Springer Precision makes a Fastfire/Venom/Viper-compatible mounting plate which sits in the rear sight dovetails. It also has polymer-tipped set screws, so you can crank it down onto the slide for better stability—important for a competition gun with no possibility of back-up sights. The last thing you want to do is lose your zero during a match.

An Optic ($225)

Although Springer makes mounting plates for other, more expensive pistol dots, the Burris FastFire III and the Vortex Venom/Viper are the obvious victors from a value perspective. Both run about $200-$225. Parvusimperator says Vortex has better warranties, so they get the nod.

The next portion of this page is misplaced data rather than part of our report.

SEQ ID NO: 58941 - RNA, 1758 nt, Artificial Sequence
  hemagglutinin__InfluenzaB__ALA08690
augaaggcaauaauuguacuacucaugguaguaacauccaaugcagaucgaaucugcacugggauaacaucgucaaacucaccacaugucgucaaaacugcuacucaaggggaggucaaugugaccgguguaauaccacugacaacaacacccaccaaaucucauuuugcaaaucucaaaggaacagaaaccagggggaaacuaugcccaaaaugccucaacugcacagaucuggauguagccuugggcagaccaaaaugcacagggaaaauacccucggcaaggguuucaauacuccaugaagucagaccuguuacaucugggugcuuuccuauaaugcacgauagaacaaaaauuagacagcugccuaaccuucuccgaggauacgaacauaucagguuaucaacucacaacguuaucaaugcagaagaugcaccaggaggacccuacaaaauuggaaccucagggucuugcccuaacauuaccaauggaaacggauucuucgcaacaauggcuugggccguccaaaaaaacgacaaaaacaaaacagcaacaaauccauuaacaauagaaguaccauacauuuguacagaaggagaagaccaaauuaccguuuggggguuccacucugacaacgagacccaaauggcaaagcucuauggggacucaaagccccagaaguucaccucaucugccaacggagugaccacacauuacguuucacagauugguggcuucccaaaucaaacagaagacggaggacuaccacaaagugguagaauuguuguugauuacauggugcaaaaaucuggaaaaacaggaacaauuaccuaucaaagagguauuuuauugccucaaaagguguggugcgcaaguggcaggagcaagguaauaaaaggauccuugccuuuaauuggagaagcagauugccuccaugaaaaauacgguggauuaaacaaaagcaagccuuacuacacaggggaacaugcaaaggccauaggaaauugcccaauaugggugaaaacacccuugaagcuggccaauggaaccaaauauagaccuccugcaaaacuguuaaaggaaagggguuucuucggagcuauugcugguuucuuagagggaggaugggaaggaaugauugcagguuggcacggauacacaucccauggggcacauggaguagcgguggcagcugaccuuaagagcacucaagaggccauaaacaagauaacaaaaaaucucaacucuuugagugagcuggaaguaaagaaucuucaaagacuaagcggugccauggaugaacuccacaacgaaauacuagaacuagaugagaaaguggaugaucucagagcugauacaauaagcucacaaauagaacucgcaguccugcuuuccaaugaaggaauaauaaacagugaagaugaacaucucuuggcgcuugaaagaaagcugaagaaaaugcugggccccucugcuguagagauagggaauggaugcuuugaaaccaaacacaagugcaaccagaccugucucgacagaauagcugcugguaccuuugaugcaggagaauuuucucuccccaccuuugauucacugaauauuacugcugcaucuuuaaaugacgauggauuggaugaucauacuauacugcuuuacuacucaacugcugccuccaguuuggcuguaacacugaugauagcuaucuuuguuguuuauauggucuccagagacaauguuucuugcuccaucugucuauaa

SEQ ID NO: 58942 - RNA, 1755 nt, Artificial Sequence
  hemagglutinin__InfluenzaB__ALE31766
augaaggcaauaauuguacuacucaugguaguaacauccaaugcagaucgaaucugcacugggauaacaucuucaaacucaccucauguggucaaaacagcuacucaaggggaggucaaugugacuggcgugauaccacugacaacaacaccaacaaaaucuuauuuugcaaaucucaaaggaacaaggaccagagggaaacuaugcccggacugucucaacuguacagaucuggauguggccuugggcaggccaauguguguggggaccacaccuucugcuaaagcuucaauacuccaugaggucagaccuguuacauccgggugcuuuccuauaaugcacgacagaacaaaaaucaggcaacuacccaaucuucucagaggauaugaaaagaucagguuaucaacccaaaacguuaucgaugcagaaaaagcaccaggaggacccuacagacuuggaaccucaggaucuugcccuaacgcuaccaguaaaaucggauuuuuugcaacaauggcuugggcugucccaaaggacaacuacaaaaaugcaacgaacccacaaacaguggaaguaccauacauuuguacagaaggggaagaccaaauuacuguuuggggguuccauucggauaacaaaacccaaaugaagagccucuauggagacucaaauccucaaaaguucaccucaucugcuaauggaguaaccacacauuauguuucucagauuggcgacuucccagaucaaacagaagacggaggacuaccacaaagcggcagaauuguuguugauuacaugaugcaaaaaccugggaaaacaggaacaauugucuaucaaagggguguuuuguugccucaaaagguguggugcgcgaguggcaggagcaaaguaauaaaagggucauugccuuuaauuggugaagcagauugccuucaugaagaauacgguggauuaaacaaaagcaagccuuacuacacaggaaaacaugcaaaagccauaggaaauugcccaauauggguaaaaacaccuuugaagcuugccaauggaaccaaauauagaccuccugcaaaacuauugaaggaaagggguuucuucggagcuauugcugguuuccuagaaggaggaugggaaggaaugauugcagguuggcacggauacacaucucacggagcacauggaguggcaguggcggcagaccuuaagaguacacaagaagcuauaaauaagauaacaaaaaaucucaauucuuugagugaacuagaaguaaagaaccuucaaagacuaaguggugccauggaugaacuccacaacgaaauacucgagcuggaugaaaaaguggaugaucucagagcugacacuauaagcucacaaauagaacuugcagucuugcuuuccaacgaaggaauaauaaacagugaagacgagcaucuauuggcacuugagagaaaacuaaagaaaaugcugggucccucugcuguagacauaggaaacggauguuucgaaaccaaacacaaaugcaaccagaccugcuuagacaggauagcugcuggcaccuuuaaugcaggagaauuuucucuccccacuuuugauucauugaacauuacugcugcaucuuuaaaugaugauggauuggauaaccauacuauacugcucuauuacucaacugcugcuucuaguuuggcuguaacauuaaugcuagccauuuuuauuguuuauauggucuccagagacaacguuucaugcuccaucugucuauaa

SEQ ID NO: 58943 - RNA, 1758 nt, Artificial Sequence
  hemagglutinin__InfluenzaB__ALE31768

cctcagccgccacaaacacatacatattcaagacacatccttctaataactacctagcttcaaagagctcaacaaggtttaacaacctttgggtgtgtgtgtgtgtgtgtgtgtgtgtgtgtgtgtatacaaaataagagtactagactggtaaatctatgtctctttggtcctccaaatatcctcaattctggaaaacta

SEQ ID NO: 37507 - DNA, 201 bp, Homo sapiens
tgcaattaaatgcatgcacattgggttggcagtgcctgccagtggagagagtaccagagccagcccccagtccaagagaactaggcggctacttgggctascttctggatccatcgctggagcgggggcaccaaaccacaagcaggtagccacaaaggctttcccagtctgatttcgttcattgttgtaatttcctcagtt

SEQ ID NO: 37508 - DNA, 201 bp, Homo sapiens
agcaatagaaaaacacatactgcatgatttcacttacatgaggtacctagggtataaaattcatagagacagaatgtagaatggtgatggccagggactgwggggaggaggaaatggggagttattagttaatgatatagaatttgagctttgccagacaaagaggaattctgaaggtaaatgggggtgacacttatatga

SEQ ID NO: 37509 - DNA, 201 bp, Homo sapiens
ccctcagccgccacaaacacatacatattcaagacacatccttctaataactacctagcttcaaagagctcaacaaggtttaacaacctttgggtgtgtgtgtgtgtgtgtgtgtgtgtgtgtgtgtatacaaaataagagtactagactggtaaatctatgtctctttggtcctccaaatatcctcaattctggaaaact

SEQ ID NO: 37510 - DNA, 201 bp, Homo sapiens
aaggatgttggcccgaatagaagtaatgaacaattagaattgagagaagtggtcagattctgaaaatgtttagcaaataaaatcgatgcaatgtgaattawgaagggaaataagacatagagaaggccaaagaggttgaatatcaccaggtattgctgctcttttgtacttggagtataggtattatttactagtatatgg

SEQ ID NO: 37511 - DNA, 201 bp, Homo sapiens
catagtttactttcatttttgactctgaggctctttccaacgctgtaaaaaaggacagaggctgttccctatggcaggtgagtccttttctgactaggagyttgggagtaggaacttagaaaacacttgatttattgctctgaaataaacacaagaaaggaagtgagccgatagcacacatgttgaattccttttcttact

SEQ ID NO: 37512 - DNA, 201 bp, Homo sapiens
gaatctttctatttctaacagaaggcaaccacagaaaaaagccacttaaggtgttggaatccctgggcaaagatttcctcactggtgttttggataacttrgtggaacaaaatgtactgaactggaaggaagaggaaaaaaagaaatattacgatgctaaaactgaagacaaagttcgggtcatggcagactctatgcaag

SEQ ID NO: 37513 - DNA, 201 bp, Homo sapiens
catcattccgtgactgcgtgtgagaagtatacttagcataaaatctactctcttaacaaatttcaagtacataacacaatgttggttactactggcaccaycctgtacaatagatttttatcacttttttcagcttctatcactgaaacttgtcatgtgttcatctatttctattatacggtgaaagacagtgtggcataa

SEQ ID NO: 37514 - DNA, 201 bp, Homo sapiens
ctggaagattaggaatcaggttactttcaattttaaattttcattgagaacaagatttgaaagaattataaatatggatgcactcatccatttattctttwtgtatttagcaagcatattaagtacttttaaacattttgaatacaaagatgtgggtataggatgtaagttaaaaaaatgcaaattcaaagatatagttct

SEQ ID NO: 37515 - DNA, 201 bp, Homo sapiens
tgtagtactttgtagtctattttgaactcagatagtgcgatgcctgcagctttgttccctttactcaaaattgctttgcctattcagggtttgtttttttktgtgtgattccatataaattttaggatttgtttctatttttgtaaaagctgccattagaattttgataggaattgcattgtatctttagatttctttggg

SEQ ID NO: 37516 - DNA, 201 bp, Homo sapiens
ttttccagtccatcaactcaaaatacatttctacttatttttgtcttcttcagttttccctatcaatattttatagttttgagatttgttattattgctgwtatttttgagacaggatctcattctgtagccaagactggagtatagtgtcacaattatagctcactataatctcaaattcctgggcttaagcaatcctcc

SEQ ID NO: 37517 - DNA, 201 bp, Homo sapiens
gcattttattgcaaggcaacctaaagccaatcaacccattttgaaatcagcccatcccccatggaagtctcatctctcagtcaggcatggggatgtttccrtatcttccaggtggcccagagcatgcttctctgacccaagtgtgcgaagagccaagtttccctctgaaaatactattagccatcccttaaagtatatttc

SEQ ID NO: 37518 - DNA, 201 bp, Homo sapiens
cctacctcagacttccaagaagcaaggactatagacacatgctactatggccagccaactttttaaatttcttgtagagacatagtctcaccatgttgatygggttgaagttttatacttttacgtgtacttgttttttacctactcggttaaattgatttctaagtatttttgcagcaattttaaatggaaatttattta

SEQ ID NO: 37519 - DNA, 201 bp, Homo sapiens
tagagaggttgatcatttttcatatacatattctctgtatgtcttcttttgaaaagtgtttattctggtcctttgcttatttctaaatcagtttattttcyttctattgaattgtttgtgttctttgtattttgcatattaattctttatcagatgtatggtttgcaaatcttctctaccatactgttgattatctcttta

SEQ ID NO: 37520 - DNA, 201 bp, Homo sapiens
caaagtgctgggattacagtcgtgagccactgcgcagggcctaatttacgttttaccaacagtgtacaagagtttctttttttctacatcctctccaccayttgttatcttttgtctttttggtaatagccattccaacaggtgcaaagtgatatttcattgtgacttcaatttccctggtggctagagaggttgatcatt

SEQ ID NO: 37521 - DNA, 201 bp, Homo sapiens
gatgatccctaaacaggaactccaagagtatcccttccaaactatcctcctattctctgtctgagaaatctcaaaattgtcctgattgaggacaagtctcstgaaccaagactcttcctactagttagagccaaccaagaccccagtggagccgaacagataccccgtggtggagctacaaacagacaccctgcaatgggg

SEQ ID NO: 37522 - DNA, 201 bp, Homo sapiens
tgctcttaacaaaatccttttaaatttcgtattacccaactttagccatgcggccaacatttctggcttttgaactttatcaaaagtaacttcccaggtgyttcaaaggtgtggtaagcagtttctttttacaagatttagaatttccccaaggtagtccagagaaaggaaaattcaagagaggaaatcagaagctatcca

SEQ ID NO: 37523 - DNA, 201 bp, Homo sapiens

Conclusions

Enhancing the P-09 with Carry Optics compatibility would cost, therefore, about $800. Switching from Limited to Carry Optics isn’t the sort of thing I could do at a match; not only do I have to swap the slide, but I also have to put the decocker in (or accept a subpar Limited start condition by leaving the decocker in). It isn’t that much work, though; five or ten minutes on the old workbench, even with the fiddly spring you may remember from the last post.

The nice thing is that I don’t need to buy any extra gear. The gun still fits in my existing holster, the magazines fit in my existing carriers, and everything fits on the belt I already have. For the revolver option laid out in a forthcoming article, the initial purchases are just that: initial. For the Carry Optics option presented here, there’s nothing left to buy.